The couple has since been charged with eight class A felonies, six relating to cannabis and two charges of child abuse). After a preliminary hearing, at which Jayme Walsh represented himself and Bram, they had the good fortune of retaining attorneys Michael Levinsohn and Jen Reeder. The child related charges, and one cannabis related charge were dismissed, leaving five remaining criminal cannabis charges. One of the most disturbing factors in this nightmare is that there has never been any attempt by prosecutors to verify the validity of their status as qualified patients in the state of California. Both Walsh and Bram have legal state-recognized recommendations for medical marijuana.
UPDATE [3/13/12] – Butte County Assistant District Attorney, Jeff Greeson, re-filed felony child abuse and misdemeanor child endangerment charges, against Daisy Bram (www.freemybabies.org). Daisy and her husband Jayme Walsh are medical cannabis patients in Butte County. Their 3 week old and 15 month-old children were taken and held by Butte County CPS for more than four months, following the parents arrest for cannabis.
Tamara Lujan, NORML Women’s Alliance Community Leader for Butte County issued the following statement:
“Considering the felony and misdemeanor charges were dropped, and are now being re-filed after public outcry and the filing for a Grand Jury Investigation, we can come to no other conclusion except this is a retaliatory measure, from the Butte County DA’s office.”
The outrage over this incident has driven several local residents to come forward with similar complaints regarding the misconduct of the BINTF and Child Services Division of Butte County (which leads all of California’s large counties in the percentage rate of permanent removal of children from parents). As a result, the NORML Women’s Alliance has filed an official request for an investigation by the Grand Jury in Butte County (including a financial audit). On Friday March 9th, the NWA, along with Butte County residents, put forward a complaint to the Grand Jury of Butte requesting an investigation into the County Children Services Division for the agency’s perceived and widespread misconduct. The findings in the people’s request include numerous testimonials from directly affected persons, submitted herein via the GRAND JURY COMPLAINT FORMS, which specify various and detailed claims of CSD misdeeds.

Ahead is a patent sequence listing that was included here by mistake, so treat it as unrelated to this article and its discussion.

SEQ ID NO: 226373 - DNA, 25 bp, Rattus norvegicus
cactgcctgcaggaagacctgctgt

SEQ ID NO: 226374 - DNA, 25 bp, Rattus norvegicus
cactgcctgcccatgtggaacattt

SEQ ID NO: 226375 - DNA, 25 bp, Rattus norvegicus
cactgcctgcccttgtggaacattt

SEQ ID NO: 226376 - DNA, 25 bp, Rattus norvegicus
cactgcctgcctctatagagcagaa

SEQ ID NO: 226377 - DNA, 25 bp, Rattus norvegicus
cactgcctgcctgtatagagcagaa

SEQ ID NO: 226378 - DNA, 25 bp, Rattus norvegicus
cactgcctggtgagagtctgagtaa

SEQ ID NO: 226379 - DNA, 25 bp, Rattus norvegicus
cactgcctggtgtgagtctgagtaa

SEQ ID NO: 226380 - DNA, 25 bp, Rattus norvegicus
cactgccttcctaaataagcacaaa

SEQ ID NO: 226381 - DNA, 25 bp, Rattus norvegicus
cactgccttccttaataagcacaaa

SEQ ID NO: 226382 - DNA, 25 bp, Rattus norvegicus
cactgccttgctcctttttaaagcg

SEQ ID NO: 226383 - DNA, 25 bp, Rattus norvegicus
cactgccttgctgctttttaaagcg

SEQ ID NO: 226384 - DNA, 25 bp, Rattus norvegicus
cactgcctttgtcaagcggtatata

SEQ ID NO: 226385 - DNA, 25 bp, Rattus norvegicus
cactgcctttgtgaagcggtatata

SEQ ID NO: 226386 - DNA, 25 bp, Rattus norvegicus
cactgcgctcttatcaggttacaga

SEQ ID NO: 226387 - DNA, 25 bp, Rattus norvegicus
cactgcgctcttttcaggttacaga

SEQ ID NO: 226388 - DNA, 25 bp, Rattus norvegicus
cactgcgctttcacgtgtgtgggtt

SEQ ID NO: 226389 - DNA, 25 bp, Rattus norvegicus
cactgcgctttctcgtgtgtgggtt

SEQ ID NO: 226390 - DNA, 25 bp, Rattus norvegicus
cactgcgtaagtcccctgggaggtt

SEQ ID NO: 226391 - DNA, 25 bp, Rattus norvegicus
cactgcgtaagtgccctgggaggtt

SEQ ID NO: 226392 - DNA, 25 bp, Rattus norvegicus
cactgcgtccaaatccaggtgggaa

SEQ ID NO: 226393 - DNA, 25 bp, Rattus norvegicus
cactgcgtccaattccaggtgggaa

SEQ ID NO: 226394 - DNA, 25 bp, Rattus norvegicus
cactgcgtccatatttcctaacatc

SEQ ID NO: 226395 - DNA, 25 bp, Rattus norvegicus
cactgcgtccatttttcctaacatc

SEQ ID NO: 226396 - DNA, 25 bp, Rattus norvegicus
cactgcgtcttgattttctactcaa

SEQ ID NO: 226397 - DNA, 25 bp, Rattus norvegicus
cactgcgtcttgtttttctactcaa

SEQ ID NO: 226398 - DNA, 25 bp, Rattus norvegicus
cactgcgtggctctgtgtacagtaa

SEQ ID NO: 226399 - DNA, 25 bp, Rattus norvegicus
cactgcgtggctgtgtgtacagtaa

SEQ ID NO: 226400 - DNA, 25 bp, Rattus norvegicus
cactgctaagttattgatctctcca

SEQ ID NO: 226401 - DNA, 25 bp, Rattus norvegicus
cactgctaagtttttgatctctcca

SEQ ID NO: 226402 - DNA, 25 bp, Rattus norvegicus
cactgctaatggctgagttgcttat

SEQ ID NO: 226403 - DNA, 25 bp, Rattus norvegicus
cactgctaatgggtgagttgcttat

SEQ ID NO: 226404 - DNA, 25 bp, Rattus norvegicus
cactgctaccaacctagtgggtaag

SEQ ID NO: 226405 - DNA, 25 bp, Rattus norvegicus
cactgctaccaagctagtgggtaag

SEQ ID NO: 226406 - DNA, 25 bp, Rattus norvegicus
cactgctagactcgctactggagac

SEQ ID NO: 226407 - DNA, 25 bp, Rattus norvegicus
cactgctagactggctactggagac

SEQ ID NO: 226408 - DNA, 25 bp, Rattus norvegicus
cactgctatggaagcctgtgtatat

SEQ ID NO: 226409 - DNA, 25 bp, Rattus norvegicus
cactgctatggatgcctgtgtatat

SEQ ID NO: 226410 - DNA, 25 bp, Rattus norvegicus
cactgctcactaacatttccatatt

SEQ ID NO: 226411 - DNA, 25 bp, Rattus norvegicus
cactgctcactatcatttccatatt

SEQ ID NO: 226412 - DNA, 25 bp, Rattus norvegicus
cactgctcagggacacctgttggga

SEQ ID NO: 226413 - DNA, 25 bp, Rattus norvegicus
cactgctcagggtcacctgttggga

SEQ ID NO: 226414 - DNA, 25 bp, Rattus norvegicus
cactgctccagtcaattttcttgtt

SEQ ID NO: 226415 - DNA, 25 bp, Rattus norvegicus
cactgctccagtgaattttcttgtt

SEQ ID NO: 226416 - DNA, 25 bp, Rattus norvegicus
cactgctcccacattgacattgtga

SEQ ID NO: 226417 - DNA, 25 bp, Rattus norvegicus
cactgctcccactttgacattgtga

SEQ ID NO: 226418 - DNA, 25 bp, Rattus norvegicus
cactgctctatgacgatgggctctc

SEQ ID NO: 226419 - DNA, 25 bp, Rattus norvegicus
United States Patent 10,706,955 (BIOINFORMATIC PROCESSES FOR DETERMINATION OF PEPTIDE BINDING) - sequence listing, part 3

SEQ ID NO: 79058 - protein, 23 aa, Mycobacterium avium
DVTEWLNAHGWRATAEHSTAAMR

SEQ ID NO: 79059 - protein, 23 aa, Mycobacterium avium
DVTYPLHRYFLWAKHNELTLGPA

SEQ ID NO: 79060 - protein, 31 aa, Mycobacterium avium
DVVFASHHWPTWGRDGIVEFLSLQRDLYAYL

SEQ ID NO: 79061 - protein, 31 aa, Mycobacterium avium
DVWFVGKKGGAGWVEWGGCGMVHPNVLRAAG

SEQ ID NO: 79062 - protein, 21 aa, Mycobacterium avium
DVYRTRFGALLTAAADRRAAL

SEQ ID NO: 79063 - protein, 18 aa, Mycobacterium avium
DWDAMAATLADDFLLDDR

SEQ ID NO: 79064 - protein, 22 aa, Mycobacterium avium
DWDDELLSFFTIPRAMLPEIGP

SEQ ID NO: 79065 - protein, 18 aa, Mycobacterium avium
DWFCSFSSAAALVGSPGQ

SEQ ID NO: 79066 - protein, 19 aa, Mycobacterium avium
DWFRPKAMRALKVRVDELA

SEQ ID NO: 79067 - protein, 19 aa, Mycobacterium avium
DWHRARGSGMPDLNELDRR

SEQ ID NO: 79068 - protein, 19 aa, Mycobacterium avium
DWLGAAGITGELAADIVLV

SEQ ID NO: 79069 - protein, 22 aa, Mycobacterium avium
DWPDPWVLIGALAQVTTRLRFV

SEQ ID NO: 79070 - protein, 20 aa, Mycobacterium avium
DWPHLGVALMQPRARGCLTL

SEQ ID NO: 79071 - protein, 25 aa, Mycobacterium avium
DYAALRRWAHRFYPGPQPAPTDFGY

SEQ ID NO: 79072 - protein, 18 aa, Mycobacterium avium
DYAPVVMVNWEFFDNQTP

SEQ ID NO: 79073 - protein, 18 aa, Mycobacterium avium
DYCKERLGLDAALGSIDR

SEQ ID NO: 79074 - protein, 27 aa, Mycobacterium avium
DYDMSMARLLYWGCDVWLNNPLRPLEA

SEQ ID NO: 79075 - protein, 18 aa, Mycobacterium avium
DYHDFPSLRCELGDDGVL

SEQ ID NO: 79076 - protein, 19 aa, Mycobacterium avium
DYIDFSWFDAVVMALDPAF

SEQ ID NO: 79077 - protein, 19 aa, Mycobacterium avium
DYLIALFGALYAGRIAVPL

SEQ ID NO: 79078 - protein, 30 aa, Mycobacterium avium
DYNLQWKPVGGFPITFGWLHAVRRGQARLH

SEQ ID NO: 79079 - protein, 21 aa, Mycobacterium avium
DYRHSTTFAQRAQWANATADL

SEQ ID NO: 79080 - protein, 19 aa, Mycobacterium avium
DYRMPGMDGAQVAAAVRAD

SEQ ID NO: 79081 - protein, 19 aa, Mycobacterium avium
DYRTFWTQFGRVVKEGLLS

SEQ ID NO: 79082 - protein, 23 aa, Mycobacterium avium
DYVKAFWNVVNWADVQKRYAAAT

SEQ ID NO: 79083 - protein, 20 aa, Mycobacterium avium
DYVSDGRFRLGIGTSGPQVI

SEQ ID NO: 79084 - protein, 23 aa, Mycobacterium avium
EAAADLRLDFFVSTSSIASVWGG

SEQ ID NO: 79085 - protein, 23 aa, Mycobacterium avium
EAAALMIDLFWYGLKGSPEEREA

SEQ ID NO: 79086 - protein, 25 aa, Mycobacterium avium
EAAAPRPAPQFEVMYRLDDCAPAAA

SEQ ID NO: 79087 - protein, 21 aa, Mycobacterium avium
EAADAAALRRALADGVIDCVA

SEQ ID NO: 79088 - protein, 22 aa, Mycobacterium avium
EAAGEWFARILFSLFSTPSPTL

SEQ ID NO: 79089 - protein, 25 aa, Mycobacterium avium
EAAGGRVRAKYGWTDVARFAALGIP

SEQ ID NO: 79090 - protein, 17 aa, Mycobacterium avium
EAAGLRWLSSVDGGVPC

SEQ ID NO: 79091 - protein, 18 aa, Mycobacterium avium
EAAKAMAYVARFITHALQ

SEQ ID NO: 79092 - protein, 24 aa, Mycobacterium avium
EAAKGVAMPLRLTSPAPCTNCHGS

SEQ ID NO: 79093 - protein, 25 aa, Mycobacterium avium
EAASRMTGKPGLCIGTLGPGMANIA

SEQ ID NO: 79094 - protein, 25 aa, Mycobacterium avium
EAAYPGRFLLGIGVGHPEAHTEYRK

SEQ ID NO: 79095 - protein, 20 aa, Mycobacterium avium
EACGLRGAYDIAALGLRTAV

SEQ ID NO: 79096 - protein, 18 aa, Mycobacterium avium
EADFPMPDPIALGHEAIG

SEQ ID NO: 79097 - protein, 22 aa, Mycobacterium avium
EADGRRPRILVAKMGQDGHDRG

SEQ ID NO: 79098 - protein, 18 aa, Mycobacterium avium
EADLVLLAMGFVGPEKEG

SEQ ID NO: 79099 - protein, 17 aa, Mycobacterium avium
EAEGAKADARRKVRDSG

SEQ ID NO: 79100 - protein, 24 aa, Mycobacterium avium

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“We thank the Grand Jury for its time, consideration and diligence in pursing our request. Only when government agencies have proper oversight can we as a community rest assured that corruption, abuse and other misdeeds are kept in check and deterred. Together We the People of Butte County and the Grand Jury can make these necessary strides of investigation and oversight to ensure all Butte families are truly served well, and are safe and secure at home.” – Tamara Lujan (NWA Butte County Community Leader)
[Fact: Drugs are pervasive in our society and, one way or another, adolescents will be exposed to mind-altering substances.]
It is an unmistakable reality that a significant number of high school students will try marijuana. According to the recent 2011 Monitoring the Future Survey, nearly 40 percent of all high school seniors admit to having smoked marijuana in the past year – a percentage that has held relatively stable since the study’s inception over 35 years ago.
Some want to use this fact as a justification to deny any opportunity to rationally discuss marijuana, its use, and its risks with children in an open and honest manner. They think that saying anything about marijuana other than encouraging its total abstinence is condoning its use. This couldn’t be further from the truth.
When society teaches sex education, are we suggesting that all the teenagers go out and engage in sexual intercourse? No. Rather, it is an acknowledgement that the best way to reduce the negative effects associated with sex (unwanted pregnancy, STD’s, etc) is through honest, objective information that allow people to understand their options and provides them with the tools they need to make informed decisions.
When we talk to teenagers about the dangers of drinking and driving, are we condoning alcohol use among minors? No, of course not. It is, however, a reality that many adolescents will a) likely consume alcohol as seniors in high school and b) have access to a car. Yes, we encourage students not to drink. But, we urge them specifically not to drink and drive.